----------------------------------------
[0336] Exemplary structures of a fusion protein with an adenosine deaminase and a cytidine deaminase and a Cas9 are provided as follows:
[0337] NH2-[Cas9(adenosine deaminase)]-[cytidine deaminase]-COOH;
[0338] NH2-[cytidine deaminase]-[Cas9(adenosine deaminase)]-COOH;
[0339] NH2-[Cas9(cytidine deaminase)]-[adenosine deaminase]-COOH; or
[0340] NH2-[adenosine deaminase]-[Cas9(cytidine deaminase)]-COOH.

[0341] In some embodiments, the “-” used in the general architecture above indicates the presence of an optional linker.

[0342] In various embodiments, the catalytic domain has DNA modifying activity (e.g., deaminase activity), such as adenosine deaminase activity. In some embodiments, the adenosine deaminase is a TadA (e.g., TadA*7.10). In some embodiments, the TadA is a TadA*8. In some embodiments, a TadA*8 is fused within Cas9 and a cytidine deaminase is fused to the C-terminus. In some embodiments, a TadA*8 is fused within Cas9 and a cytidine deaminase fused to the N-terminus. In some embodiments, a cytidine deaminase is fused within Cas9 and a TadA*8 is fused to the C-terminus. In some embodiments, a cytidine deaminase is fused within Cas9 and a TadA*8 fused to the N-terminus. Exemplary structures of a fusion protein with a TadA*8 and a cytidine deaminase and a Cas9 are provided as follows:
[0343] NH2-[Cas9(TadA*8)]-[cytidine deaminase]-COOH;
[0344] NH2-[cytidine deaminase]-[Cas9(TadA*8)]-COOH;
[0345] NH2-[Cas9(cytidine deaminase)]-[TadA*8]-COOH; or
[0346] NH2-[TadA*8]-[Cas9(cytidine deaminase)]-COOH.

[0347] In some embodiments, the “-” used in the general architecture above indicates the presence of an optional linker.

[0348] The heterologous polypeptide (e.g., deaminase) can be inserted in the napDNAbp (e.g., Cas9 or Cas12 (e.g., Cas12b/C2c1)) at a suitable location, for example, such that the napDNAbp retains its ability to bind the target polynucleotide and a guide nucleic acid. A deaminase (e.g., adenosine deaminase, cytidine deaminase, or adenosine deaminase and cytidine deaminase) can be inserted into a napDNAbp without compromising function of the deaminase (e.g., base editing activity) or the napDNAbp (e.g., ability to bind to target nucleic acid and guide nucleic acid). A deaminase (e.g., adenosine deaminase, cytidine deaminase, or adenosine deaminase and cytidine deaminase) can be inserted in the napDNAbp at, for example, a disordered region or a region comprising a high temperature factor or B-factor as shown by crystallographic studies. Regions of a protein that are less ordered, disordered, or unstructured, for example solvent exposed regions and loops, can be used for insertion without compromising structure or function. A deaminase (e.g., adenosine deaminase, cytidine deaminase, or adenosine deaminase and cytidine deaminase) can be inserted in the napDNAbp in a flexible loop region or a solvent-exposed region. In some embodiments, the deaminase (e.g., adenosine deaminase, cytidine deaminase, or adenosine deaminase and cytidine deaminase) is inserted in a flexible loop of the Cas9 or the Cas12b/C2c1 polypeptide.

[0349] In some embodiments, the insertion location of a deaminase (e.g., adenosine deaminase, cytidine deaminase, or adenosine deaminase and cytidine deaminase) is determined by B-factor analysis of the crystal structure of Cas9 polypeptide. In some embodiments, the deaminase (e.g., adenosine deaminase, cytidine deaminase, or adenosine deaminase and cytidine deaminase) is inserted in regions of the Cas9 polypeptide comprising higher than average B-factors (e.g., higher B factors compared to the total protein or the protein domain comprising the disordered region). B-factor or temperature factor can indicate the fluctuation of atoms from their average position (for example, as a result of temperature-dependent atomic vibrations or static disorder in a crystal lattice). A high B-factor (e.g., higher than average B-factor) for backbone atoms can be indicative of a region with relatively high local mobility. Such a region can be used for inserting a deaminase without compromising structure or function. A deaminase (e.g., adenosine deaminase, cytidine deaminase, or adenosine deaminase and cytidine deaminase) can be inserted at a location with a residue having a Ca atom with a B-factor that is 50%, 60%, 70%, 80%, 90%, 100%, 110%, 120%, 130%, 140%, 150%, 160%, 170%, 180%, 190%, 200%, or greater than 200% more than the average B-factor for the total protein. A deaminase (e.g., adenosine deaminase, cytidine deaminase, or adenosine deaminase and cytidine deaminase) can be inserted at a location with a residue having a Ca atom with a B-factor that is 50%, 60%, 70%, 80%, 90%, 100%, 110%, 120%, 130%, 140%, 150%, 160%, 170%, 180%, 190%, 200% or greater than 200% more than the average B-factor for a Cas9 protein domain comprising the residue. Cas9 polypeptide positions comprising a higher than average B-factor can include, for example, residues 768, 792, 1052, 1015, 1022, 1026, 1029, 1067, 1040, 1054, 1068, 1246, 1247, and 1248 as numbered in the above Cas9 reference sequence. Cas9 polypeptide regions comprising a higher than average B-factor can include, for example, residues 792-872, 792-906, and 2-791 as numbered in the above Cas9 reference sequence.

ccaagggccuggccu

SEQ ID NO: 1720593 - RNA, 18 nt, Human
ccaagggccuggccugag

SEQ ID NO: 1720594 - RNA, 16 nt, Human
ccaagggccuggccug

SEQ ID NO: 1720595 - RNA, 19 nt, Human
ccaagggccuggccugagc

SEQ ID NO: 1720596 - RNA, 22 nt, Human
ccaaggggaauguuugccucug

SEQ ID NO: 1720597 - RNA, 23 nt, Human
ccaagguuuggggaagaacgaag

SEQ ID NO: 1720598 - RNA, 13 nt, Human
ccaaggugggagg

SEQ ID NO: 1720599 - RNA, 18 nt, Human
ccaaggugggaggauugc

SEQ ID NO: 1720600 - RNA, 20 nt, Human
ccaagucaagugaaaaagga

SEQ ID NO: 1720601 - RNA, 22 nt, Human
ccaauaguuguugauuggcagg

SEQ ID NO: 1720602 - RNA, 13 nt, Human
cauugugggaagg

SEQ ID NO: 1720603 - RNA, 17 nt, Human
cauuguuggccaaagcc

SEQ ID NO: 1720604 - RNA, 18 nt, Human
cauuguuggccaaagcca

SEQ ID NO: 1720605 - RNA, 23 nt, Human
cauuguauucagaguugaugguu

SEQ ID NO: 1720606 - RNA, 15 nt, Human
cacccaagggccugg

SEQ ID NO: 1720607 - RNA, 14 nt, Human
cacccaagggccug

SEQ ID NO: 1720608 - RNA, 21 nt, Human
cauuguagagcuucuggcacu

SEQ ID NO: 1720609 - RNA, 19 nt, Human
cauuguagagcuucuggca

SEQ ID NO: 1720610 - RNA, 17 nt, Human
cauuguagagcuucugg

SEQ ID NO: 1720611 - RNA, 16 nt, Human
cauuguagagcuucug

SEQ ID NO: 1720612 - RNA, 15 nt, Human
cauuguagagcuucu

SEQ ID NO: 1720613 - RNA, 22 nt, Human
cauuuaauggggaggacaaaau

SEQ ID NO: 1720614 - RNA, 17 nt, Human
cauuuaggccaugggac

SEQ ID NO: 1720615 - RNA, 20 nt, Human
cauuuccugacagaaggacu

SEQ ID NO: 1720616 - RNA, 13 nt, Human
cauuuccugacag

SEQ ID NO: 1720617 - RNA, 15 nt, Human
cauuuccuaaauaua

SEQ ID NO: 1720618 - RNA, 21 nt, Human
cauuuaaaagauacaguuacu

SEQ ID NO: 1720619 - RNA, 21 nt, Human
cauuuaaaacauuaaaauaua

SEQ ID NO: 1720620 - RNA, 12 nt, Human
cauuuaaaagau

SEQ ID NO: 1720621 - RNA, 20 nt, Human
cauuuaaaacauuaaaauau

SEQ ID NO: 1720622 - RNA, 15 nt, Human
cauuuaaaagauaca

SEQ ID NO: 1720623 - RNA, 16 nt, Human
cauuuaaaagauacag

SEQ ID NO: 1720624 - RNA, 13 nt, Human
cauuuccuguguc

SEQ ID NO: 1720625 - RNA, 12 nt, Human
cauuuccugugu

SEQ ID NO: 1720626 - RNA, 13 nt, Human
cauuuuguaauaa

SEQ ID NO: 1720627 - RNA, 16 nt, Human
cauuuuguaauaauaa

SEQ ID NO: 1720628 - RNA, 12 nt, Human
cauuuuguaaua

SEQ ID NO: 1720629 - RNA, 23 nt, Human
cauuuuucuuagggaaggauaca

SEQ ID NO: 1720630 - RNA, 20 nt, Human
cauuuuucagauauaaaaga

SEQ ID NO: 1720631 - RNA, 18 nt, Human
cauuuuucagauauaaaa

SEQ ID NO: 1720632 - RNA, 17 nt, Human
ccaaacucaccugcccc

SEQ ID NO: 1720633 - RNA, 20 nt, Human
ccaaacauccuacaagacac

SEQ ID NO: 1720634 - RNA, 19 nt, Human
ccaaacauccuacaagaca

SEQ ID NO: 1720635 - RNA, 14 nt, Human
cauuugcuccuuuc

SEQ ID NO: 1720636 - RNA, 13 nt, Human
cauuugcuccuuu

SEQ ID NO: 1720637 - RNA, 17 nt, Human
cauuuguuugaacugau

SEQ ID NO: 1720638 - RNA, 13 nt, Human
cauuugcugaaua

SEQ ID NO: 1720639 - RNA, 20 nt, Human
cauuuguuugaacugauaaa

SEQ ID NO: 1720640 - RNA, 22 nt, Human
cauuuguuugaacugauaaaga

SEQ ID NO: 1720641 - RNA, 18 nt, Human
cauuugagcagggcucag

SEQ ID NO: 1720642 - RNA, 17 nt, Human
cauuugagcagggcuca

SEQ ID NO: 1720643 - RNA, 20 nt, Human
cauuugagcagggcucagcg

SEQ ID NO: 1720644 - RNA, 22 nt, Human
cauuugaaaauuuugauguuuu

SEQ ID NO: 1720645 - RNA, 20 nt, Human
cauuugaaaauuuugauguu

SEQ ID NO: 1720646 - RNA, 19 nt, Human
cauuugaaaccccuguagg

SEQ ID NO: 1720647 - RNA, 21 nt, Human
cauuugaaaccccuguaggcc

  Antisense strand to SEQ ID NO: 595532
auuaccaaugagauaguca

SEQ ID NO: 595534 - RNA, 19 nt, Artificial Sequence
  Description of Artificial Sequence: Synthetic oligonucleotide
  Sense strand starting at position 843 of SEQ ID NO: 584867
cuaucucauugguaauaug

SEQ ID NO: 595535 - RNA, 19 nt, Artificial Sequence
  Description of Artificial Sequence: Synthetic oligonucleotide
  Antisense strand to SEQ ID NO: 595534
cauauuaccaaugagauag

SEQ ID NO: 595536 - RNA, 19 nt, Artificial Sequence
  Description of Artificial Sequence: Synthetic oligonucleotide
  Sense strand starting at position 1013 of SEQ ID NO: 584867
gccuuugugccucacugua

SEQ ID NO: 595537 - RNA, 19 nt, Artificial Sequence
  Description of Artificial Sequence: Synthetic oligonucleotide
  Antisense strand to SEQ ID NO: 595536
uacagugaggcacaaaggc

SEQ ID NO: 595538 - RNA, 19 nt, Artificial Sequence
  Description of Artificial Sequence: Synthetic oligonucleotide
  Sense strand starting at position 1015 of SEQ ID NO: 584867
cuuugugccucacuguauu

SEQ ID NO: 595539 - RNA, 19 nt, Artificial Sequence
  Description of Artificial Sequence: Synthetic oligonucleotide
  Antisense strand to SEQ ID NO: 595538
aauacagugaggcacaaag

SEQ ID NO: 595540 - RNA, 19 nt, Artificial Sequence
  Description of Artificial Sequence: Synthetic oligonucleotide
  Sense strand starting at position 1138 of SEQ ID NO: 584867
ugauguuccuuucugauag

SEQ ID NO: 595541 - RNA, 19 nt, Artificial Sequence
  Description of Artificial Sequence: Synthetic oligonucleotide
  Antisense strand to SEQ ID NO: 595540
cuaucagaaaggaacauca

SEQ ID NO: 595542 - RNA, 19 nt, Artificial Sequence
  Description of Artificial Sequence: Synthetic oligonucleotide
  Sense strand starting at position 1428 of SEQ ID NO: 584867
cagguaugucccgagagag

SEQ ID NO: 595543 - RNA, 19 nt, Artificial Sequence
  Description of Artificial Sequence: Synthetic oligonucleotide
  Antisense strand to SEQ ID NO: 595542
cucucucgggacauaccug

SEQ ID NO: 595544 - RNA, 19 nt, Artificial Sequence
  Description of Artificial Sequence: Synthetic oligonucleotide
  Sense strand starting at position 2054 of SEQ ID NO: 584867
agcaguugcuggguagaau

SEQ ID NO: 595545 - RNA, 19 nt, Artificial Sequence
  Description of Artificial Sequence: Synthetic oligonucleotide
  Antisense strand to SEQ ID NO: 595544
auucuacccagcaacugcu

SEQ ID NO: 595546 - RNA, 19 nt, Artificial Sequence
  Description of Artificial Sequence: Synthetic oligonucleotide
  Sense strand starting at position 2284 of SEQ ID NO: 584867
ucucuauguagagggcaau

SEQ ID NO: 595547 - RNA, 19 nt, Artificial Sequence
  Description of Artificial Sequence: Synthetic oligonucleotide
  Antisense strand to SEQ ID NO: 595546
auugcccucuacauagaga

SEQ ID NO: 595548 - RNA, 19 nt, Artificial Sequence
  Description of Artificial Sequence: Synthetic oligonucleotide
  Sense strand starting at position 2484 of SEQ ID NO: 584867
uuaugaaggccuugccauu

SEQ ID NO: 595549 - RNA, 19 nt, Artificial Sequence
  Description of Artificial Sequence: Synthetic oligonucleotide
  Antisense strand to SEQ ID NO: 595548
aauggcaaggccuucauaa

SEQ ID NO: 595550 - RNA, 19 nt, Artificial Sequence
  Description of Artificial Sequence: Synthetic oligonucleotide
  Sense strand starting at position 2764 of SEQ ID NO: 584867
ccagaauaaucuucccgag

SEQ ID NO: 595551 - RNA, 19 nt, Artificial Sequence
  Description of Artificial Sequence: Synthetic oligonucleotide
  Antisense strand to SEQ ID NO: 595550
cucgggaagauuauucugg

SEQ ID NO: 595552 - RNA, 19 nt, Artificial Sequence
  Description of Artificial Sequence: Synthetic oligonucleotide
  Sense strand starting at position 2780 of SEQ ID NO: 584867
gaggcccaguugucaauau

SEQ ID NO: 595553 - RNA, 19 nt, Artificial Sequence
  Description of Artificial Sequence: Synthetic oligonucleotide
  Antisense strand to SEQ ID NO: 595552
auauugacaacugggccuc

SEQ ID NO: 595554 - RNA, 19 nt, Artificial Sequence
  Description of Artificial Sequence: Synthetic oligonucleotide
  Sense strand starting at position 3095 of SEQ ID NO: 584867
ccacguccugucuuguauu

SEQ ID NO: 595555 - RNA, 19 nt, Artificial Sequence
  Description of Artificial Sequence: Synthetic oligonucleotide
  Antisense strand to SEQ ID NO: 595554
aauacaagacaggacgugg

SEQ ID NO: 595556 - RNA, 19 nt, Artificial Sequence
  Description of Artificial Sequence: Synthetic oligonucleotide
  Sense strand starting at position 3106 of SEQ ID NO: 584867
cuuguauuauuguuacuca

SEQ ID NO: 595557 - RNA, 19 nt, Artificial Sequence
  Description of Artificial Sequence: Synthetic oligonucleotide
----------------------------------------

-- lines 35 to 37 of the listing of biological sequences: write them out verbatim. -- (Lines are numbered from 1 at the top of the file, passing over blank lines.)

cauugugggaagg

SEQ ID NO: 1720603 - RNA, 17 nt, Human
cauuguuggccaaagcc